|As much as I am so unhappy with Apple beign so greedy recent weeks with the Apple Vs Publishers topic, yet I cannot stop admiring their consistency in looking out of the box. Today with the Announcement of Mac OSX lion, where for the first time instead a desktop OSX borrows ideas and functionalities from the new iPad and iOS like The new gestures, influenced by the iPhone and iPad, include rubber-band scrolling, which sees pages snap back like a rubber band, and double tap or pinch to zoom in and out.
Here are some examples I see at www.apple.com
Launchpad gives you instant access to your apps and basically replicates the grid of apps you see on the homescreen of the iPhone and iPad. As on those smaller devices, programs can be arranged into folders for easy access. There's nothing to stop you from just arranging your applications into folders now, of course -- the only real difference is that Launchpad does it all for you. And of course, when you install an application, there are no .dmg files or dragging into the Applications folder. Launchpad is launched with a new grabbing gesture on the keyboard.
On iPad, every app is displayed full screen, with no distractions. This is good so long you are not copy and pasting from one app to another. Apps fill the screen, getting rid of the pesky top toolbar. You can switch to another full-screen app or to the desktop by swiping across the trackpad with three fingers.
Mission Control is a powerful and handy new feature that provides you with a comprehensive look at what’s running on your Mac. It gives you a bird's-eye view of everything your Mac is running. Thumbnails of all your open apps are arranged together on one screen, with open windows neatly stacked on top of each other. It's essentially Apple's existing Exposé feature, but with a smarter layout.
Auto Save and Versions
Say good-bye to manual saving. Auto Save in Mac OS X Lion automatically saves your work. If you've ever lost work due to an unexpected loss of power or a cat walking right across CMD + Q -- and who hasn't? -- the auto save will be a welcome feature. If not, documents can be locked to prevent them from auto saving so you can experiment knowing none of your changes need be permanent. You can also revert to the state your document was in when you opened it, if you're not happy with the changes you've made.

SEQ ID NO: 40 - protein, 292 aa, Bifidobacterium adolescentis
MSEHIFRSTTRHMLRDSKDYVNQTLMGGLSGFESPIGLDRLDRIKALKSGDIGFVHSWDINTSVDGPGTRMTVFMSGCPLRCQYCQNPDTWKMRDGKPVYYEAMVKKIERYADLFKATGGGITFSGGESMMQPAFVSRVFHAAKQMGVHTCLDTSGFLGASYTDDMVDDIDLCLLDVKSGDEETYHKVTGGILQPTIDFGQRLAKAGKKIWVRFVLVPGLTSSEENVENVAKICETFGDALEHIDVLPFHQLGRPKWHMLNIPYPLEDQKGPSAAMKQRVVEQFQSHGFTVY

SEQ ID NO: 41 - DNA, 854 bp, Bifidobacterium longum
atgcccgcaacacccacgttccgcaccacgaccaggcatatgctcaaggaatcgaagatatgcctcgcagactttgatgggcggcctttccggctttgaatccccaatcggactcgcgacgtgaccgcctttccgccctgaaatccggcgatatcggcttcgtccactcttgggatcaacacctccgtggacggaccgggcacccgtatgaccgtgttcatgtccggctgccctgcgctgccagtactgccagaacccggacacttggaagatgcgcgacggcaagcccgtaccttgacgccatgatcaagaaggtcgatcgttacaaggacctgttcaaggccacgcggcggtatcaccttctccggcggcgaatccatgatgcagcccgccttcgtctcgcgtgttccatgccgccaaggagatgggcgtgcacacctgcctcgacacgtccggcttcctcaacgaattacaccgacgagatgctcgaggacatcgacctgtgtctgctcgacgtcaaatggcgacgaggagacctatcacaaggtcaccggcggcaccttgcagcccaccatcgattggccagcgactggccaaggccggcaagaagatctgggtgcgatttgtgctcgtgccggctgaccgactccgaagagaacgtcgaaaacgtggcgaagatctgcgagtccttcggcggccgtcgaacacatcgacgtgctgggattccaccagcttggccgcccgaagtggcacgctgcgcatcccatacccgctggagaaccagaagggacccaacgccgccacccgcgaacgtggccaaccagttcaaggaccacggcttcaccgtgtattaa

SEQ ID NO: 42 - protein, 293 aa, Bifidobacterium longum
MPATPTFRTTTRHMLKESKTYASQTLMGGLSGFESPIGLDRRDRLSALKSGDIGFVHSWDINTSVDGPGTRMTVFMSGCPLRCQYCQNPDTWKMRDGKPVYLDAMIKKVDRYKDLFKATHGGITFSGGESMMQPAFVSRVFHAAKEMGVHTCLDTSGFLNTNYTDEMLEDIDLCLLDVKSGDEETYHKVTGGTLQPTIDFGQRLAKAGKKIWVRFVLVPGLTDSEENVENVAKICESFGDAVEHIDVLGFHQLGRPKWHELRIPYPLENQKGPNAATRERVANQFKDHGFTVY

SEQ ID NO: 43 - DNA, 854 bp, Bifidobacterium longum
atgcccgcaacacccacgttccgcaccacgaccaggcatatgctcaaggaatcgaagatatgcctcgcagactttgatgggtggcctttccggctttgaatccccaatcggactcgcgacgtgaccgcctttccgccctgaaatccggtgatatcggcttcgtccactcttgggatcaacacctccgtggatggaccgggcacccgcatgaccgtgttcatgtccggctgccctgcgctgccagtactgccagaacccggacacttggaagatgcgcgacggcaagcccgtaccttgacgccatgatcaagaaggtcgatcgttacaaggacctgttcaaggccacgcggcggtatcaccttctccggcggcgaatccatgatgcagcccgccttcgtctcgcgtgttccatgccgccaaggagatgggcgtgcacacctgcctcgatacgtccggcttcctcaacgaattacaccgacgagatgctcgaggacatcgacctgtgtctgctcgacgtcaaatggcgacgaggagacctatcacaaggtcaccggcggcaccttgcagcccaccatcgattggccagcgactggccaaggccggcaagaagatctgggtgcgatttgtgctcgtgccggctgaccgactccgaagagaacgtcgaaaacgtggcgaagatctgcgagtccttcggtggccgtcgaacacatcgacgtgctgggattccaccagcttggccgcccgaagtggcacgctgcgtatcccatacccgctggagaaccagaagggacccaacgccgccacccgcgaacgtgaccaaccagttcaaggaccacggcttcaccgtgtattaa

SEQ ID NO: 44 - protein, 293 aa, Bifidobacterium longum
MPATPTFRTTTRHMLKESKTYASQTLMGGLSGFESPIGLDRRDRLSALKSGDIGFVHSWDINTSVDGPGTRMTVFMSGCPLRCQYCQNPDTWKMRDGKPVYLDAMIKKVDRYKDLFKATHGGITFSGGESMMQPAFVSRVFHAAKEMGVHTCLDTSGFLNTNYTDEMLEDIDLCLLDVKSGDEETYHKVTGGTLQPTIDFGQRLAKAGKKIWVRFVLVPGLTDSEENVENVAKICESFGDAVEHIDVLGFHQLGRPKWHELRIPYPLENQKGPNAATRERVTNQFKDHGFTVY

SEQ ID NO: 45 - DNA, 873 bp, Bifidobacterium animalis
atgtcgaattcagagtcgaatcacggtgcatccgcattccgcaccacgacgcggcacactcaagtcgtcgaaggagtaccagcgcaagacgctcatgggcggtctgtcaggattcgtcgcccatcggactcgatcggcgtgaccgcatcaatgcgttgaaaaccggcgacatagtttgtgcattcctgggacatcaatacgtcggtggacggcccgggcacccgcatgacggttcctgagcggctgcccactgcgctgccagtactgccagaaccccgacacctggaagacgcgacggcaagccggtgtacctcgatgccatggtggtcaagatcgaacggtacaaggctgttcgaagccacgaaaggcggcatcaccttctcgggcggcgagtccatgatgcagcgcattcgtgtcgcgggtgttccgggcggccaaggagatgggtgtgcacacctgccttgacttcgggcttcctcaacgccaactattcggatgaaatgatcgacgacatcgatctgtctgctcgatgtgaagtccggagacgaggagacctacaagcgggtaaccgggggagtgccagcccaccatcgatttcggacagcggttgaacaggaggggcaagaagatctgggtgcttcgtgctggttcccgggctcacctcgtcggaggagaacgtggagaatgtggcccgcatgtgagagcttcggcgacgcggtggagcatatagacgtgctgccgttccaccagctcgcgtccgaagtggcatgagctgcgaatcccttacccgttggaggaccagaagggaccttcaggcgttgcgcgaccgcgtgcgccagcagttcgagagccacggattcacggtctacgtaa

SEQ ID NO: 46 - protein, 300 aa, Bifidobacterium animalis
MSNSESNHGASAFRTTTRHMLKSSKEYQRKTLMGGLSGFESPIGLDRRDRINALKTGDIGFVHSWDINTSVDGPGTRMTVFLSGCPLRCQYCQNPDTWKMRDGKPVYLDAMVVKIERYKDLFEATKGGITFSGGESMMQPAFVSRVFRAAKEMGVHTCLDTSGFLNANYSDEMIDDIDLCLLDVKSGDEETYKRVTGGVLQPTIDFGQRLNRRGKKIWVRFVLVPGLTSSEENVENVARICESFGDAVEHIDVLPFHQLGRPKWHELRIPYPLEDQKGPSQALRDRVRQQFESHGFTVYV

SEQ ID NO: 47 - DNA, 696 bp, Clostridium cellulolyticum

If you want to go back to a previous version of your document, Versions gives you a cascading view of the document as it developed. It's like Time Machine, Apple's backup software, for individual documents. Versions are saved every hour and you can grab bits from old files into the current version.
If you’ve ever restarted your Mac/PC, you know what’s involved. First you save your work, then close all your apps, then spend valuable time setting everything up again. Lion remembers everything you have open so when you restart, it's all laid out waiting for you. That means you don't have to open your favourite apps every time you start up, or remember where you saved the document you were working on.
Just like Mail on iPad, Mail 5 in Mac OS X Lion features a new layout that takes advantage of the widescreen display on your Mac. The new version of Mail is another app to take cues from the iPhone, expanding the message on the right and keeping the inbox on the left. A new Mailbox bar gives you one-click access to your favourite folders across the top of the app.
Mail 5 also borrows some ideas from Google Mail, including an increased emphasis on search, and Conversations view. This groups together the emails you've exchanged with a particular contact, rather than listing all your messages separately. Unlike Gmail, Mail will keep conversations together even if the subject line changes.
With AirDrop in Mac OS X Lion, you can send files to anyone around you — wirelessly. This is a nifty little app to wirelessly zap files through the air to other Macs. Lion detects people using AirDrop nearby, adding photos if they're in your contacts. To transfer a file, simply drag it to someone's name. Once accepted, the file nips directly into the person's Downloads folder.
Mac Developer Program members can download Mac OS X Lion Developer Preview now. Start developing your apps today so they’re ready for the Mac App Store when Lion ships this summer.